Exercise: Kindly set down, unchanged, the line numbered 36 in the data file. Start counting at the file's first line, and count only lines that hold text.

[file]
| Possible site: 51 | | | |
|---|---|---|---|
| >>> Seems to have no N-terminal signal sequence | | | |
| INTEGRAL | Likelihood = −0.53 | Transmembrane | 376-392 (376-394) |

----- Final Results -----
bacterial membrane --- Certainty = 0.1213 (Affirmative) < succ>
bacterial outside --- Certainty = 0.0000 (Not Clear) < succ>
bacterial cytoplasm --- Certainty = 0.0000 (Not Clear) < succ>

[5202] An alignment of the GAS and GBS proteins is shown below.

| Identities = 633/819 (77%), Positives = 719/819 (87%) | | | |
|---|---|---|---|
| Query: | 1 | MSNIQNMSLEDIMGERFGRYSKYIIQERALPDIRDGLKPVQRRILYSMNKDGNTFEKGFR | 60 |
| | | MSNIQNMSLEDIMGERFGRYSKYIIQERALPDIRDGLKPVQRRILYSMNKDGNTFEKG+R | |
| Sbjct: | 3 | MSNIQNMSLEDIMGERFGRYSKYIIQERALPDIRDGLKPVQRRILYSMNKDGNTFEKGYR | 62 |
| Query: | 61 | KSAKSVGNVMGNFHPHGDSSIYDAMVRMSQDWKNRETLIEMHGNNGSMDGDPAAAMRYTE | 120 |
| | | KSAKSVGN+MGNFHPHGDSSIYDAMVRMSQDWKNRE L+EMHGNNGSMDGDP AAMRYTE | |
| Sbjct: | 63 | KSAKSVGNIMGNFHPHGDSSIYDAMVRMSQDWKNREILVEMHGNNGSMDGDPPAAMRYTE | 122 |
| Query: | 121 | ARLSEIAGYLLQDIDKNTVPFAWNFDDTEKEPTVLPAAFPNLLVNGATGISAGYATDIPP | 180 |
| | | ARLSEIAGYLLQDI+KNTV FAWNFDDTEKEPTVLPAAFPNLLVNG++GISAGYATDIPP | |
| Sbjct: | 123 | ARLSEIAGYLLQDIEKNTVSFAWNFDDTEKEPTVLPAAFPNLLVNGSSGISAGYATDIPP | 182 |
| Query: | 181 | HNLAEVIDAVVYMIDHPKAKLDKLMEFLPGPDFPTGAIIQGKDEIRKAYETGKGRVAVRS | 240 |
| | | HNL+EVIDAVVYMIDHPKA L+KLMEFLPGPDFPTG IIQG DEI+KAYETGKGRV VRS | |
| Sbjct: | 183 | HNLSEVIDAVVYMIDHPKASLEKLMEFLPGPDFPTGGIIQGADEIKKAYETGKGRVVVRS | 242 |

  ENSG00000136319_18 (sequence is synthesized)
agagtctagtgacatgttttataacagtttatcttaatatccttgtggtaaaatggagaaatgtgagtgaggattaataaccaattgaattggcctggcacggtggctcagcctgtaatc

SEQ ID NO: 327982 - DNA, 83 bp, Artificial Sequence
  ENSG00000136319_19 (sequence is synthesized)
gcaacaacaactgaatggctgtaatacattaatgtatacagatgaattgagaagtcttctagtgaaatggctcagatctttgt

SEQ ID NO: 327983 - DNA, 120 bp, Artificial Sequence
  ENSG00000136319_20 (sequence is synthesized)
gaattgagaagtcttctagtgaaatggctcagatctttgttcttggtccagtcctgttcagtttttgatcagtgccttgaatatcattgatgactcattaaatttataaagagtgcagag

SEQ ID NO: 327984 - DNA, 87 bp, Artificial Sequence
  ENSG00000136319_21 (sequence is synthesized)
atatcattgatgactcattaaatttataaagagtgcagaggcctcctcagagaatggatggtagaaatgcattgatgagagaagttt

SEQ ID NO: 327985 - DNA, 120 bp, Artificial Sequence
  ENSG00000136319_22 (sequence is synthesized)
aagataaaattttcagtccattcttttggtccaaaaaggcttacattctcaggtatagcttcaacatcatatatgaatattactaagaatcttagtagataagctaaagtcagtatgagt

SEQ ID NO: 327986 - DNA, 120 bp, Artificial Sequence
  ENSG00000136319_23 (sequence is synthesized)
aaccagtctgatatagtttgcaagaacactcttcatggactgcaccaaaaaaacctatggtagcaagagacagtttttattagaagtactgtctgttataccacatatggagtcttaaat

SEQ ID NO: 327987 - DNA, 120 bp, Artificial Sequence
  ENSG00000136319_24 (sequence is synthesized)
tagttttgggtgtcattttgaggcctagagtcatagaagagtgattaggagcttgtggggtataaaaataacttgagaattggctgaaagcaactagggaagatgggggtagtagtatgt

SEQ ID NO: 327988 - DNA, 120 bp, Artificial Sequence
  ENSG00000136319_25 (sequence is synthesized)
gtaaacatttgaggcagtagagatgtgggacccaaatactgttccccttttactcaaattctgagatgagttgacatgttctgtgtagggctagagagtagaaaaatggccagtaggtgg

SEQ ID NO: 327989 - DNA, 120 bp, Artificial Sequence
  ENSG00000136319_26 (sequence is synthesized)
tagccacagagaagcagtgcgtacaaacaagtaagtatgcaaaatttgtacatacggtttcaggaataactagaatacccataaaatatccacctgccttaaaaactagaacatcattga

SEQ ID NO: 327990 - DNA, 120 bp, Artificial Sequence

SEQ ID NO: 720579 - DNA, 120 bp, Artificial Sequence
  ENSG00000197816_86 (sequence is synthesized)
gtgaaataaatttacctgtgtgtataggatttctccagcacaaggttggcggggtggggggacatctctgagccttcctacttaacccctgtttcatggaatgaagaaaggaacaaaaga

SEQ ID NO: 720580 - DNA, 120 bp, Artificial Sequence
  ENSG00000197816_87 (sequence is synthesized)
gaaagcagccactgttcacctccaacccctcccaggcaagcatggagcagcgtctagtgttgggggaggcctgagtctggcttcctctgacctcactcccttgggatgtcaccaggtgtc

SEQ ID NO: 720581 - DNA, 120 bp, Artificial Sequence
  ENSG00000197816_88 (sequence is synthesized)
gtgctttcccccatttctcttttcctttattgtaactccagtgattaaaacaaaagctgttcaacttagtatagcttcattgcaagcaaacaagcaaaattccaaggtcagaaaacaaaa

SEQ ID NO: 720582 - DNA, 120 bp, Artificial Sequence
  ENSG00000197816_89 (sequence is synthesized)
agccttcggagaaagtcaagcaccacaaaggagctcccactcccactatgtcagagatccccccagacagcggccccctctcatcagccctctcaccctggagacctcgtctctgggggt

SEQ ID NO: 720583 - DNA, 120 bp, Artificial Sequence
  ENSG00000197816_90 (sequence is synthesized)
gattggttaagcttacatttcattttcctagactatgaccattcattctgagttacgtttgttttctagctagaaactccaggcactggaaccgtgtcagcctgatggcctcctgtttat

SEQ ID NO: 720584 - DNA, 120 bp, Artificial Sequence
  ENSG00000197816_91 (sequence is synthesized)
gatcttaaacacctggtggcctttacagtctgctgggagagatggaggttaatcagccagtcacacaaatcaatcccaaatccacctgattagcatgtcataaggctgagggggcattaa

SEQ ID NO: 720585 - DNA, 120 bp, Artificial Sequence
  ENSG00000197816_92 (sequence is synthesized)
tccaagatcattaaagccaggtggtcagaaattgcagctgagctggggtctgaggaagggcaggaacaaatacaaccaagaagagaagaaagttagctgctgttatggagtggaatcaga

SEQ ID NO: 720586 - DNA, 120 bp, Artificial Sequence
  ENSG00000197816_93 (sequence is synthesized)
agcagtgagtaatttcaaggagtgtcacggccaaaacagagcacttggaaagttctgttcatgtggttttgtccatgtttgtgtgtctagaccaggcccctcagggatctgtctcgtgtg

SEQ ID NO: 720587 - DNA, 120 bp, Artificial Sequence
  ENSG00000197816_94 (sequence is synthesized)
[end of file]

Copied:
  ENSG00000136319_22 (sequence is synthesized)